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Old 03-20-2016, 12:38 PM
 
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I'm considering relocating to Crescent City. To those of you who already live there, are you concerned about CC being a tsunami area? It's common knowledge that the northern coast will be hit hard whenever predicted major quakes come. While there's no way of knowing "when" that will happen (and while that didn't stop me from living in San Francisco for a number of years), nevertheless, I'd be interested to hear your thoughts. Thanks!
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Old 03-20-2016, 01:49 PM
 
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There was a tsunami in CC, IIRC it was in 1964.
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Old 03-20-2016, 04:36 PM
 
Location: McKinleyville, California
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The Japan earthquake in 2011 destroyed their harbor with a tsunami. If the Cascadea subduction zone generated an earthquake in the upper 7's or 8's, they could cause mudslides off the coast that could generate a tsunami with maybe 15 to 20 foot waves, depending on the size of the mudslides. A full rip on the subduction zone could generate an earthquake of 9.0 to 9.4 that could cause waves 30 to 50 feet in far northern California, 60 feet or greater in southern Oregon and could generate a tsunami to possibly 75 feet, given the height and duration of the quake. A 9.4 that lasted to 5 minutes or greater would put us all in trouble from Cape Mendocino to British Columbia and inland to I-5 with all the coastline impacted by the tsunami and I-5 pretty much incapacitated and 101 totally unusable. Even San Francisco would not get away from damage in a Cascadia earthquake, nor Hawaii, Japan or all of the Pacific islands from the tsunami. The earthquake in 1700 was smaller than the one that happened about 750 years ago that generated waves up to 75 feet in parts of Oregon. Tsunami sands can be found up the Rogue River, Klamath River, Mad River and other tributaries from northern California, up Oregon and into Washington, those from 750 years ago were pushed much farther inland from higher waves. Rule of thumb if one lives on the coast is if it shakes so hard and so long that one cannot stay standing is to head inland as soon as possible, depending on how close it is offshore, we have maybe 15 minutes at the soonest to maybe 25 minutes before the first waves hit us. I live ½ mile from the coast at 65 feet, our route out has been engrained in my head for years.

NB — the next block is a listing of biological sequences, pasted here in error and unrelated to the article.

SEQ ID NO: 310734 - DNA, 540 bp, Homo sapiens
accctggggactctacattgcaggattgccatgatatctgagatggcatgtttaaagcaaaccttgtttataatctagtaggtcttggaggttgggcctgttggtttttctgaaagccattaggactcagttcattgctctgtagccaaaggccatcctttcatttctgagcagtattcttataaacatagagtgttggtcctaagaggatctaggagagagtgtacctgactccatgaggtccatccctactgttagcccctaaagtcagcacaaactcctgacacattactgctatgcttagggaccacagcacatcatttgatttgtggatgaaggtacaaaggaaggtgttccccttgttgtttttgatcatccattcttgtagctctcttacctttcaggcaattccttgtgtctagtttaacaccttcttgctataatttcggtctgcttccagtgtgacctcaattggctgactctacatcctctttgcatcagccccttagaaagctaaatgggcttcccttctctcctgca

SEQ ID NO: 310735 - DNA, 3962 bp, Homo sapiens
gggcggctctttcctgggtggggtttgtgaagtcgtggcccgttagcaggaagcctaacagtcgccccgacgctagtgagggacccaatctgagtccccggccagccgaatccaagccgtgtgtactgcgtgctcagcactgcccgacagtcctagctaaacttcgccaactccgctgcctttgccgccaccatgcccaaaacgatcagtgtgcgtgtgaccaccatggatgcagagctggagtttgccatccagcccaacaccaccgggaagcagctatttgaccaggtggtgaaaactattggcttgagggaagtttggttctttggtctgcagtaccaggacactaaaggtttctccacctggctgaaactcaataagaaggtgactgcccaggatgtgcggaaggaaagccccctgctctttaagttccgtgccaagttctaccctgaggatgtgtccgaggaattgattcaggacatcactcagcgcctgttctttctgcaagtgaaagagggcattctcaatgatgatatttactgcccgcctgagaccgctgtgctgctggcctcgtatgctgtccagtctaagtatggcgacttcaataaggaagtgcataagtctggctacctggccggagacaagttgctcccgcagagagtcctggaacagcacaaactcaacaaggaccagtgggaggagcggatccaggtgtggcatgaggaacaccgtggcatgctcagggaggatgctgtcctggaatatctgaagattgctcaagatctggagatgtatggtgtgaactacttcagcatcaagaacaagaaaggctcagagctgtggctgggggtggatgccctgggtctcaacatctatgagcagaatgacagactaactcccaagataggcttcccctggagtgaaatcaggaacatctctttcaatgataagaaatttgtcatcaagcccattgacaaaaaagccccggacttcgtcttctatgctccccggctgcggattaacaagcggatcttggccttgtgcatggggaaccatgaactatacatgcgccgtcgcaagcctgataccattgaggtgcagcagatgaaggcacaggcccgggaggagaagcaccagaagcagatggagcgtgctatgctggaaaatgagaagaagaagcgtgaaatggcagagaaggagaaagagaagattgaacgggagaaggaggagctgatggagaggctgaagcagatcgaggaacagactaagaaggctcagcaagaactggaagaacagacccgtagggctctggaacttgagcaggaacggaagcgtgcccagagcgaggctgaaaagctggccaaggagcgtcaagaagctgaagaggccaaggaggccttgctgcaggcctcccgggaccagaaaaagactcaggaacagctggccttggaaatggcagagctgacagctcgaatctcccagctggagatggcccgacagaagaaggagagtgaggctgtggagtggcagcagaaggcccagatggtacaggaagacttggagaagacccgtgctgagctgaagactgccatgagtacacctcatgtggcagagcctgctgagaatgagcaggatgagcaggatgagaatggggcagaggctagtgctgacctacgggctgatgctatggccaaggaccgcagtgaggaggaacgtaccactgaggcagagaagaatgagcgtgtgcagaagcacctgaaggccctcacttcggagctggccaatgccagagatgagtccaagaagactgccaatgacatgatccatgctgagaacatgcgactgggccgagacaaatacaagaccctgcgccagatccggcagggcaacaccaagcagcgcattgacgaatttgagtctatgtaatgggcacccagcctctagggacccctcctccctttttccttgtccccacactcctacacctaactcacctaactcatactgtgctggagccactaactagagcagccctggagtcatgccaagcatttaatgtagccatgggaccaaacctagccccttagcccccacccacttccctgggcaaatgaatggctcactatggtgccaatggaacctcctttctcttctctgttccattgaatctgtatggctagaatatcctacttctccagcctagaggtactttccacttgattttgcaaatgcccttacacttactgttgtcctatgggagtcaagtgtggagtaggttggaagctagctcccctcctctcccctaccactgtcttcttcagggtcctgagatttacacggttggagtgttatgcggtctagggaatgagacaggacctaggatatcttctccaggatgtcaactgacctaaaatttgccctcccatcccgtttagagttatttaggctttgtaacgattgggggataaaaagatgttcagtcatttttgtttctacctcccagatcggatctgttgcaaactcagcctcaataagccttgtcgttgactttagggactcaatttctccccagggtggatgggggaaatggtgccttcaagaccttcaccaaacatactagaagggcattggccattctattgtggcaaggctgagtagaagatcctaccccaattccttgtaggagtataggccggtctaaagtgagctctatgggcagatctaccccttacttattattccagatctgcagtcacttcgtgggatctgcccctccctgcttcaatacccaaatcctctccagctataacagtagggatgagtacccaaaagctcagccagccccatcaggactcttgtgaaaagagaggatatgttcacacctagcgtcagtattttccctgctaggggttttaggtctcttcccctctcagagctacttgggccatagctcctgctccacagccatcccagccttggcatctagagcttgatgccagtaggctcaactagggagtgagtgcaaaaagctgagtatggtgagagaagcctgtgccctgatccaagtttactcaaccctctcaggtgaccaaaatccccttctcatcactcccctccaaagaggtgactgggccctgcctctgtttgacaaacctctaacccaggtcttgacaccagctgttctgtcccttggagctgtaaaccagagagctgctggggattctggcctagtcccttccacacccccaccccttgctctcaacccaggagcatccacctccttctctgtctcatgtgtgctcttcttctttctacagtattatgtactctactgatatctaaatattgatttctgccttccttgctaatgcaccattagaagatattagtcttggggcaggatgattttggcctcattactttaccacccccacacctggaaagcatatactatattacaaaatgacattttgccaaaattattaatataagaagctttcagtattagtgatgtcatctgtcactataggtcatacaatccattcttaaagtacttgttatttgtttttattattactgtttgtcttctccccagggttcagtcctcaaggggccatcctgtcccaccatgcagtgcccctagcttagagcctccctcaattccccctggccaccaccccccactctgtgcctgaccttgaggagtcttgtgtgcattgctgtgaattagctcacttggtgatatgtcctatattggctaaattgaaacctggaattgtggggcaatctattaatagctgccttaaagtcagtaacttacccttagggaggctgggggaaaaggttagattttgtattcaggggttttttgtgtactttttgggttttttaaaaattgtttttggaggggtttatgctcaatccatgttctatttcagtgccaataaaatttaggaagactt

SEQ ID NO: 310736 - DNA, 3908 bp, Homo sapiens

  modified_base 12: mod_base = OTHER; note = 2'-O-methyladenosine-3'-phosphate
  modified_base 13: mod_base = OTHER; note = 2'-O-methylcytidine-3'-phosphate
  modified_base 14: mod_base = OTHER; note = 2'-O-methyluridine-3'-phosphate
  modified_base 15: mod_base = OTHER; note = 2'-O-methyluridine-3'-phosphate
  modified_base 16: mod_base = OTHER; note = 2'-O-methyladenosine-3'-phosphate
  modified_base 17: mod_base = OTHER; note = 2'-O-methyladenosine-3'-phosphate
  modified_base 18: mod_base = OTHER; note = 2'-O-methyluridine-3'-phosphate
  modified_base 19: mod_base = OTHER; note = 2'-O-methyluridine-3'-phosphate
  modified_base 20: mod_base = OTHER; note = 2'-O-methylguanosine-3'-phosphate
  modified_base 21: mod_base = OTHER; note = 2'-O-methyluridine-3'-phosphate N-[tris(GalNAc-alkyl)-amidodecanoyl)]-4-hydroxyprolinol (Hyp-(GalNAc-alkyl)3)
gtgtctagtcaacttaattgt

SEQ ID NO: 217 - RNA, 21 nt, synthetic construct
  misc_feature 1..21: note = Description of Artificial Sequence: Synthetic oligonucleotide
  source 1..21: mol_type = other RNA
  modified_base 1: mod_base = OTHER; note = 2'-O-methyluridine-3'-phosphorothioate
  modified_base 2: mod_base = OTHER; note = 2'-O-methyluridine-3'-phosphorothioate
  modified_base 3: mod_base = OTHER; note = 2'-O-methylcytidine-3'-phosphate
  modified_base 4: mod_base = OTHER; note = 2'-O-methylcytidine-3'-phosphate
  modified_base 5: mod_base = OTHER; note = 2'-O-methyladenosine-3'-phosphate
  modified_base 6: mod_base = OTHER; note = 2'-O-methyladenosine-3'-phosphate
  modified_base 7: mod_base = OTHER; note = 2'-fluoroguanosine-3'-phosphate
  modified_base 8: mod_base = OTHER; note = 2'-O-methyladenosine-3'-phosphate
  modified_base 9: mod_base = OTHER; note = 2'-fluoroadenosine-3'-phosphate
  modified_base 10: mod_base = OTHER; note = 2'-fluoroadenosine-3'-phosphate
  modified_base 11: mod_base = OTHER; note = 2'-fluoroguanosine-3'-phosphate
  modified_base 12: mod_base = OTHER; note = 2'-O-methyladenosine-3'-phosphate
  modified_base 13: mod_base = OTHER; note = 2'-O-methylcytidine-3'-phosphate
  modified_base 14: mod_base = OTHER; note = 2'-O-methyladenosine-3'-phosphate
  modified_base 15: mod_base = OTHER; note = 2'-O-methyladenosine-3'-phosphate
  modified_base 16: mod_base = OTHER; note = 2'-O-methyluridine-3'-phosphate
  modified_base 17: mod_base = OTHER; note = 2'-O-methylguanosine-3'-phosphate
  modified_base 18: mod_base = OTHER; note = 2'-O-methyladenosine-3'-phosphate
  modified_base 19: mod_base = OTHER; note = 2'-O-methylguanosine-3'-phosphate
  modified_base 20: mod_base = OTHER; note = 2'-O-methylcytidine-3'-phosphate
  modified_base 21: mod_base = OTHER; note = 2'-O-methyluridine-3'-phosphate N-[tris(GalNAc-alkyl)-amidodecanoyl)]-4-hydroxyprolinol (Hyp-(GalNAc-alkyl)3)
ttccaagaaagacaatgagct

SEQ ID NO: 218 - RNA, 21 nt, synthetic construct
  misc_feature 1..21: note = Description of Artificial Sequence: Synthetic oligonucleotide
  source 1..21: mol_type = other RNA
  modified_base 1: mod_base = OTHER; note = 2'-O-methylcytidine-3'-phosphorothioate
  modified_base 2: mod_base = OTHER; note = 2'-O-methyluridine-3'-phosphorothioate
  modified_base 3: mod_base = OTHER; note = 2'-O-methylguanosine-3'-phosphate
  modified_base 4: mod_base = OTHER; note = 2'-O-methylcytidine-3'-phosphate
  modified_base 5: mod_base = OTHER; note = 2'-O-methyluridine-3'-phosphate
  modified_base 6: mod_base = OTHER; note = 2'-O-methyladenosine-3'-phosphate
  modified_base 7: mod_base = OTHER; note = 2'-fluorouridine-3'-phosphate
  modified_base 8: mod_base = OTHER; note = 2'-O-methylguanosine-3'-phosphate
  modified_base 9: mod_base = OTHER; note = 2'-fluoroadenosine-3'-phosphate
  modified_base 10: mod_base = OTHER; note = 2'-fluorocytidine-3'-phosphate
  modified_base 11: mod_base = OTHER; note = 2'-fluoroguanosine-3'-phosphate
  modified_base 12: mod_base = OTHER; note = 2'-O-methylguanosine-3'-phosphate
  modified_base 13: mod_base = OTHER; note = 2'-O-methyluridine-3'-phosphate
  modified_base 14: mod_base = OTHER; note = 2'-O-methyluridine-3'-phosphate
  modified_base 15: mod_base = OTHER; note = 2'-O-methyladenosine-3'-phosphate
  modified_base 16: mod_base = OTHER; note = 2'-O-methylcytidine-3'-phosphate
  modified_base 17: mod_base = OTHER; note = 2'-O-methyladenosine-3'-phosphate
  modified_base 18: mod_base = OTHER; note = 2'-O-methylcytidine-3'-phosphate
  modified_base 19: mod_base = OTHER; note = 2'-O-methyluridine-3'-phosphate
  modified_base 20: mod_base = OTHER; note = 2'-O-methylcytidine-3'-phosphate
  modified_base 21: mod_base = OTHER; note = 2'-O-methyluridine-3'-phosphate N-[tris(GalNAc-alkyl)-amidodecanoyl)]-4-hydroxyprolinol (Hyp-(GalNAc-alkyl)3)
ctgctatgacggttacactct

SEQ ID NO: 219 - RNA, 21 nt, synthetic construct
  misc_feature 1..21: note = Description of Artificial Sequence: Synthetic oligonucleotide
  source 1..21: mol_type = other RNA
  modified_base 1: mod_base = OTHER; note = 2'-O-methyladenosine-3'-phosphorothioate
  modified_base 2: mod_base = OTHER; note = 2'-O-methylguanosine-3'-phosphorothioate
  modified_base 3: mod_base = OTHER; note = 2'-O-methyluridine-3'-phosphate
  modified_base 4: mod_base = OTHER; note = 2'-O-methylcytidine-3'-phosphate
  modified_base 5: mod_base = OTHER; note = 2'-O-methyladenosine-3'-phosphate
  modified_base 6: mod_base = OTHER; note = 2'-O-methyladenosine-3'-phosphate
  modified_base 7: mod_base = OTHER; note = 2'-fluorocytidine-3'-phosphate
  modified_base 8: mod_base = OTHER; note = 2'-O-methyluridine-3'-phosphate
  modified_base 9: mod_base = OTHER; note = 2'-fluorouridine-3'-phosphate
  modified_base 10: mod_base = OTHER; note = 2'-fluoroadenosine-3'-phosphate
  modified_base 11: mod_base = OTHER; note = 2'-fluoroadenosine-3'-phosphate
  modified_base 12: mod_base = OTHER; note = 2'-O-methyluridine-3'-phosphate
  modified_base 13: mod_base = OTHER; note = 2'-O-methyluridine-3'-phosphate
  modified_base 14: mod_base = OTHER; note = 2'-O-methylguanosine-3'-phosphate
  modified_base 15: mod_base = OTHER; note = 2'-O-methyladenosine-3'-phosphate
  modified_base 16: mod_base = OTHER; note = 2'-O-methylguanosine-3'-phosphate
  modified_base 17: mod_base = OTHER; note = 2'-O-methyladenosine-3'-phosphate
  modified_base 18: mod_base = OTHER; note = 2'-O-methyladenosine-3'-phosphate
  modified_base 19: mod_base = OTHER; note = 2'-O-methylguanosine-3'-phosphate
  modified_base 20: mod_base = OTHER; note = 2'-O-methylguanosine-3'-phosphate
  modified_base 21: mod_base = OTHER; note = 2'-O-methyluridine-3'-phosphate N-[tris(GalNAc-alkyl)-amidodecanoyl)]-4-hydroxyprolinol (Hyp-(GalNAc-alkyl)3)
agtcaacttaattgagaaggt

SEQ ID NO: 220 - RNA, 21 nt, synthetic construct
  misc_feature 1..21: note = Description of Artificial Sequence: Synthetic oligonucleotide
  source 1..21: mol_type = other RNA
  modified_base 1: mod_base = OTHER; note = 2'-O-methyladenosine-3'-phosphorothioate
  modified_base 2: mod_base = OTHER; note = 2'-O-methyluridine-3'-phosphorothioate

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Old 03-20-2016, 05:31 PM
 
18,173 posts, read 13,226,867 times
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Quote:
Originally Posted by TheDragonslayer View Post
The Japan earthquake in 2011 destroyed their harbor with a tsunami. If the Cascadea subduction zone generated an earthquake in the upper 7's or 8's, they could cause mudslides off the coast that could generate a tsunami with maybe 15 to 20 foot waves, depending on the size of the mudslides. A full rip on the subduction zone could generate an earthquake of 9.0 to 9.4 that could cause waves 30 to 50 feet in far northern California, 60 feet or greater in southern Oregon and could generate a tsunami to possibly 75 feet, given the height and duration of the quake. A 9.4 that lasted to 5 minutes or greater would put us all in trouble from Cape Mendocino to British Columbia and inland to I-5 with all the coastline impacted by the tsunami and I-5 pretty much incapacitated and 101 totally unusable. Even San Francisco would not get away from damage in a Cascadia earthquake, nor Hawaii, Japan or all of the Pacific islands from the tsunami. The earthquake in 1700 was smaller than the one that happened about 750 years ago that generated waves up to 75 feet in parts of Oregon. Tsunami sands can be found up the Rogue River, Klamath River, Mad River and other tributaries from northern California, up Oregon and into Washington, those from 750 years ago were pushed much farther inland from higher waves. Rule of thumb if one lives on the coast is if it shakes so hard and so long that one cannot stay standing is to head inland as soon as possible, depending on how close it is offshore, we have maybe 15 minutes at the soonest to maybe 25 minutes before the first waves hit us. I live ½ mile from the coast at 65 feet, our route out has been engrained in my head for years.
Just hope a couple of million do not try to take the same route.
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Old 03-20-2016, 06:45 PM
 
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Thanks for the specific information, Dragonslayer. Much appreciated!
Getting one's self to safety fast enough seems dicey. It actually sounds like a terrorizing dash.
Beyond that, what about one's dwelling? I'm not asking as a potential homeowner, but rather a renter. My thought is that tsunami water could ruin a home's contents. Am I wrong?
Is there affordable insurance for tsunami's?
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Old 03-20-2016, 09:25 PM
 
Location: McKinleyville, California
6,413 posts, read 9,783,182 times
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Quote:
Originally Posted by Nature'sCathedral View Post
Thanks for the specific information, Dragonslayer. Much appreciated!
Getting one's self to safety fast enough seems dicey. It actually sounds like a terrorizing dash.
Beyond that, what about one's dwelling? I'm not asking as a potential homeowner, but rather a renter. My thought is that tsunami water could ruin a home's contents. Am I wrong?
Is there affordable insurance for tsunami's?
If a tsunami hit your home, your contents, your house, all of it will be destroyed beyond recognition. I think you would need both earthquake and flood insurance, one for your home being knocked down and the other for it being washed away. The tsunami of 64 from the Anchorage earthquake, now rated at a high of 9.2, hit Crescent City in multiple waves, down town was hit hard and some people lost their lives when they went into down town after the first waves. Best is to know your current elevation and how high you need to go and how far to get there. For me the street I am on heads up hill and east and in no time we can be above 100 feet, though I would prefer a bit higher.